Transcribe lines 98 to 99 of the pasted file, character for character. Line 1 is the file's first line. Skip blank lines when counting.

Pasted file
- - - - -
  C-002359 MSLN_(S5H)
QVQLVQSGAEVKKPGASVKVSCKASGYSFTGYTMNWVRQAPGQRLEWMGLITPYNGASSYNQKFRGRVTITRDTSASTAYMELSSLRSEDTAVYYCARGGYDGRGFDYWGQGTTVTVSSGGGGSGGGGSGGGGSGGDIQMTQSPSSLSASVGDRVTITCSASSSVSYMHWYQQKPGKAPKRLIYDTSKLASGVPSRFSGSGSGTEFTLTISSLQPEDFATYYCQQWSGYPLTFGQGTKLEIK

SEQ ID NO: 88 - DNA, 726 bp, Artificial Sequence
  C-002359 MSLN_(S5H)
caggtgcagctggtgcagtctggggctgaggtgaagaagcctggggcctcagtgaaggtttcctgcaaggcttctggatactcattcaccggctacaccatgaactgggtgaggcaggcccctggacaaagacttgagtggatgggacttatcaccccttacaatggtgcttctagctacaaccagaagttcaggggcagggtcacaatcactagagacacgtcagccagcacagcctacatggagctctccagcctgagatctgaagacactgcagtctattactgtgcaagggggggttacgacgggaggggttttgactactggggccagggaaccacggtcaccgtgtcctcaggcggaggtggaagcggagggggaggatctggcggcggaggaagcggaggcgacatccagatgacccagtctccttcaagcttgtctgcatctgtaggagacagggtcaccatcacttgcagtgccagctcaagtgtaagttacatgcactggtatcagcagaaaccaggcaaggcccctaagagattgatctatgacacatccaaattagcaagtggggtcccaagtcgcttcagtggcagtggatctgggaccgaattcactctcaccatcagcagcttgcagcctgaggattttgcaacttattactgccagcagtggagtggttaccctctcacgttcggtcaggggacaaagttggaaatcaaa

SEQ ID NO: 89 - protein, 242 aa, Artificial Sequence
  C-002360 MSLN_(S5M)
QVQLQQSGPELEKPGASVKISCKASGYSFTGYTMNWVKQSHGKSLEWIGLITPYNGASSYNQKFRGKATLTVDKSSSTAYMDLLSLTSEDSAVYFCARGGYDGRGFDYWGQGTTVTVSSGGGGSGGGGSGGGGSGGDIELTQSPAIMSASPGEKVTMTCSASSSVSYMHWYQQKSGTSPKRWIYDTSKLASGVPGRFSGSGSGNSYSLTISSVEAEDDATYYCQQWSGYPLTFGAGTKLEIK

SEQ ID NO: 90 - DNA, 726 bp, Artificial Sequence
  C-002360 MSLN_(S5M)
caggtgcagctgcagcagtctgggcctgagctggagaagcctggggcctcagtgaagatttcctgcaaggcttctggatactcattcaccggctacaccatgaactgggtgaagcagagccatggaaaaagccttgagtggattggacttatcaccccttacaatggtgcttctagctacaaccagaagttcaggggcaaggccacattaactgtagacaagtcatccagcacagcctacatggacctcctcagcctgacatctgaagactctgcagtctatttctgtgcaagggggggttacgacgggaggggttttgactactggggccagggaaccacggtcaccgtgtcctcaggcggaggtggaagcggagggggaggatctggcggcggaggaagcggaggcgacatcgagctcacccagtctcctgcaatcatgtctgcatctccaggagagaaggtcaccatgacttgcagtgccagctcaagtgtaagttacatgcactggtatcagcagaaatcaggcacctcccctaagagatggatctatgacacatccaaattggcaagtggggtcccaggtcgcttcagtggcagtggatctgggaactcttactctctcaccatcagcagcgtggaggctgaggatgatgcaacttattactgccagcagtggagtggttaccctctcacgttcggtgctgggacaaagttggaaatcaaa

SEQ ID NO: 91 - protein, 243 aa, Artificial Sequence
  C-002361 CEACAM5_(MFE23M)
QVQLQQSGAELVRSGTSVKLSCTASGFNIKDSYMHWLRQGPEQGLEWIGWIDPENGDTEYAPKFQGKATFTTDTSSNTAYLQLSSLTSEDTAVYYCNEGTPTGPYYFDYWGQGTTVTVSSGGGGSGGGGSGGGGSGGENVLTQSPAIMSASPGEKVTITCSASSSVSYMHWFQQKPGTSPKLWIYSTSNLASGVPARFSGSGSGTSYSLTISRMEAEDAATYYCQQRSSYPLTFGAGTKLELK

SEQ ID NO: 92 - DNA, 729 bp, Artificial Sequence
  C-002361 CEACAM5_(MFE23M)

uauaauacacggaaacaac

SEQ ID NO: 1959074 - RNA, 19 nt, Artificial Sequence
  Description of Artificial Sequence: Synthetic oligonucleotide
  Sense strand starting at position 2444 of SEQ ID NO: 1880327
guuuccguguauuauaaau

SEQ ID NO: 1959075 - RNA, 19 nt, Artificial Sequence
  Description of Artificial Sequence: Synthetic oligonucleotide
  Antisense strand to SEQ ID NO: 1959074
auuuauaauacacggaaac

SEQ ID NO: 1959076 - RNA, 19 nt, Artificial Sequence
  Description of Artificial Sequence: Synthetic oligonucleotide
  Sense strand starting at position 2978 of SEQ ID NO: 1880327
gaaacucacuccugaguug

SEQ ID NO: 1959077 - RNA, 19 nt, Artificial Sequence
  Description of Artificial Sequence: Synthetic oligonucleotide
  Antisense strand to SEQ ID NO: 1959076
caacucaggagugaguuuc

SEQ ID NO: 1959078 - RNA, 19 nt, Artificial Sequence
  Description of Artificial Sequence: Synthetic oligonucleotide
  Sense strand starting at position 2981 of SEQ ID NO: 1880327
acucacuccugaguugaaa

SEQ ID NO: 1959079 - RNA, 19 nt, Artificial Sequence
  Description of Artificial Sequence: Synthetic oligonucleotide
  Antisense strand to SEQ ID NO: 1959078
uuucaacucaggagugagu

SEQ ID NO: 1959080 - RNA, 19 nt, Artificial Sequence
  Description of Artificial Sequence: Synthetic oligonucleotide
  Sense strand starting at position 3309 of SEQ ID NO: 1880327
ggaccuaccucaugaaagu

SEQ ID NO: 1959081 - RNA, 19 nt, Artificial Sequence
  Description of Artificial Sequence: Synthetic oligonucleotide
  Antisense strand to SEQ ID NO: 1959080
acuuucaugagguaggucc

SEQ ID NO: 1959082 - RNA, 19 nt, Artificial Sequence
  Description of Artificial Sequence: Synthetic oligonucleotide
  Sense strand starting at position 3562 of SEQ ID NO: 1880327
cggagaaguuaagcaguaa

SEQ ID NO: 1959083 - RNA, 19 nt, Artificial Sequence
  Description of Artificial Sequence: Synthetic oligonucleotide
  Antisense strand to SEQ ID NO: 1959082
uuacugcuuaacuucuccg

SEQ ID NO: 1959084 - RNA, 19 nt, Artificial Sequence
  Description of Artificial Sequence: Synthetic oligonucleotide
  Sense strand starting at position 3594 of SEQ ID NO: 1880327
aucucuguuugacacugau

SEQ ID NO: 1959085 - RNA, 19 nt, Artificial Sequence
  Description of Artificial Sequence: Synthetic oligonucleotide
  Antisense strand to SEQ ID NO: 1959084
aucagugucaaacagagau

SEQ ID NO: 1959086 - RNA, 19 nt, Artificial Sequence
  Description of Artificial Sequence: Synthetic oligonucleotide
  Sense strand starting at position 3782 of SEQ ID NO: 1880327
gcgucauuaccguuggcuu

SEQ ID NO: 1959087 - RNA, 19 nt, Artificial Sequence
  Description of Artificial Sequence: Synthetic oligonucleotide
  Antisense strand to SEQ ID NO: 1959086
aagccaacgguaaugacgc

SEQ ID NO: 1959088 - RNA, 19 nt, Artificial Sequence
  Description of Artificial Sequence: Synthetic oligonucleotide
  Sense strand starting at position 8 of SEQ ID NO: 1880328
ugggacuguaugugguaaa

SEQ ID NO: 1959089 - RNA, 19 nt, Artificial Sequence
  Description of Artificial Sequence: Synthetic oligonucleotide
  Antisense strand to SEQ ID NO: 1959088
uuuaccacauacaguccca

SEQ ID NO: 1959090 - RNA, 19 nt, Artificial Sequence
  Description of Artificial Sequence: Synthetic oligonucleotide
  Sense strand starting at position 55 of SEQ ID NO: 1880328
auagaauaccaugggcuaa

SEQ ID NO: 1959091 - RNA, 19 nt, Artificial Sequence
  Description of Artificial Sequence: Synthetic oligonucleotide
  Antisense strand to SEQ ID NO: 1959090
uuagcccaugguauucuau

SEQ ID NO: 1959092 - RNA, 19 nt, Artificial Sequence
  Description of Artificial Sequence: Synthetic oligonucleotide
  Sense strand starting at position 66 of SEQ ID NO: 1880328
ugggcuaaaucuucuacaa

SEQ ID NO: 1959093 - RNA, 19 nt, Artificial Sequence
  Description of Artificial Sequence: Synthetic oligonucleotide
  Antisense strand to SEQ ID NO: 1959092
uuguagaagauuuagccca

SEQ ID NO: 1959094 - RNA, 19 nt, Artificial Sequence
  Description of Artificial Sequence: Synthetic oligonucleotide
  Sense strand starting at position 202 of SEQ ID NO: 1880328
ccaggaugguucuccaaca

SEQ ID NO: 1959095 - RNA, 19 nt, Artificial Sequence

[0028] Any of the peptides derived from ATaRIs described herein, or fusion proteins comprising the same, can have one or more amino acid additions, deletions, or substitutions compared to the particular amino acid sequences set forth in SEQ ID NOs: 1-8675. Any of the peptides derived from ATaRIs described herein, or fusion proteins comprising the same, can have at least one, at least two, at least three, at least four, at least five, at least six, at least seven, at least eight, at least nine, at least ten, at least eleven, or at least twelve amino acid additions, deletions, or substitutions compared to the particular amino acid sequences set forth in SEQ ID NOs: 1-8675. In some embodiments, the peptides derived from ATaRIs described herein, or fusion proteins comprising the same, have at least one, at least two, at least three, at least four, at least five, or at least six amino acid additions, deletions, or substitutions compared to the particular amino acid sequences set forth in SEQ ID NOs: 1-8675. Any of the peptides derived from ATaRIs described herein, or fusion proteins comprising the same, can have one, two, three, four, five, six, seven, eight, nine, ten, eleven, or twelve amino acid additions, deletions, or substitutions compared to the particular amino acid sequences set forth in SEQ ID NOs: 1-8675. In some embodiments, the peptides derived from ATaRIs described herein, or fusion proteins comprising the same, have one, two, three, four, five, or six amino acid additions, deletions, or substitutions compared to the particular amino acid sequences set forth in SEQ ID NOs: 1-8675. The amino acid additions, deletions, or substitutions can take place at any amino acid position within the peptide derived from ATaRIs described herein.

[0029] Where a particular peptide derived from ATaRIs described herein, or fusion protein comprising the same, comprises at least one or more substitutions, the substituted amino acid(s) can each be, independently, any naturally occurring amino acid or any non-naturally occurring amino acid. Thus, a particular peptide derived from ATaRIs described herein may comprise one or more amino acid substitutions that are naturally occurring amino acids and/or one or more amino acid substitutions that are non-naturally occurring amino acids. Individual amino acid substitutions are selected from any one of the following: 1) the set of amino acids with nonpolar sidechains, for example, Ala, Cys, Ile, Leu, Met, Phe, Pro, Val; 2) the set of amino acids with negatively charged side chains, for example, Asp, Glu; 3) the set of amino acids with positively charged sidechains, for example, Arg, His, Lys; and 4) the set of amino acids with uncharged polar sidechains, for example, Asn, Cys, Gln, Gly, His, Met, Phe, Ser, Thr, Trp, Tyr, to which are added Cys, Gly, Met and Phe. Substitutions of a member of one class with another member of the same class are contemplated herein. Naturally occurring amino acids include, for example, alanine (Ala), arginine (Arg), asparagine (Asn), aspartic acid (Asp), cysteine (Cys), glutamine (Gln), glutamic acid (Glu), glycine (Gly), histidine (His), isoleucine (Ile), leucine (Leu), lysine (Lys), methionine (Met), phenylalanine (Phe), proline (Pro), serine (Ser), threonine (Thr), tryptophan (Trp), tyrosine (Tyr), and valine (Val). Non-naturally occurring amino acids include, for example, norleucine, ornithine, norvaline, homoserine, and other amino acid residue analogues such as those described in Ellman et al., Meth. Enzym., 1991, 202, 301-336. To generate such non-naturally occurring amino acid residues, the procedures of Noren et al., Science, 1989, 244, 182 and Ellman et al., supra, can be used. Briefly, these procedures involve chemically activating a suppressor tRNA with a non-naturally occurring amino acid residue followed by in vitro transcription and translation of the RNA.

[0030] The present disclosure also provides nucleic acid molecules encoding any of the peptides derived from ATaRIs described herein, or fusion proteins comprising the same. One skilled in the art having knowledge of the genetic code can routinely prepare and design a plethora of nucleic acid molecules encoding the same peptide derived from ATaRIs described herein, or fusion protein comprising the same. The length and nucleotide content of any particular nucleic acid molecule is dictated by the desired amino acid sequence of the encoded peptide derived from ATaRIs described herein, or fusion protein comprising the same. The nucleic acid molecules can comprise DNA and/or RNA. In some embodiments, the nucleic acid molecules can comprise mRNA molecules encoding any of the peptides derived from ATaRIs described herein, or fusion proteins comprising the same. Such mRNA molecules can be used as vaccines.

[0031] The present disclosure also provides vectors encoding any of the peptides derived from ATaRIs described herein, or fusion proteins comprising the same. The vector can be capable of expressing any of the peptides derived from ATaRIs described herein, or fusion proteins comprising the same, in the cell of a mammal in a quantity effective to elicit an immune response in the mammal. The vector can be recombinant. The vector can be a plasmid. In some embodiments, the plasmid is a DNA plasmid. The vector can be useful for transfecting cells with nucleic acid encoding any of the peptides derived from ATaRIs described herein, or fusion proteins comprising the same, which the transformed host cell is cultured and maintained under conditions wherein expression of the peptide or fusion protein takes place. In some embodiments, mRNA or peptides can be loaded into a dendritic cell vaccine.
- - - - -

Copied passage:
SEQ ID NO: 1959094 - RNA, 19 nt, Artificial Sequence
  Description of Artificial Sequence: Synthetic oligonucleotide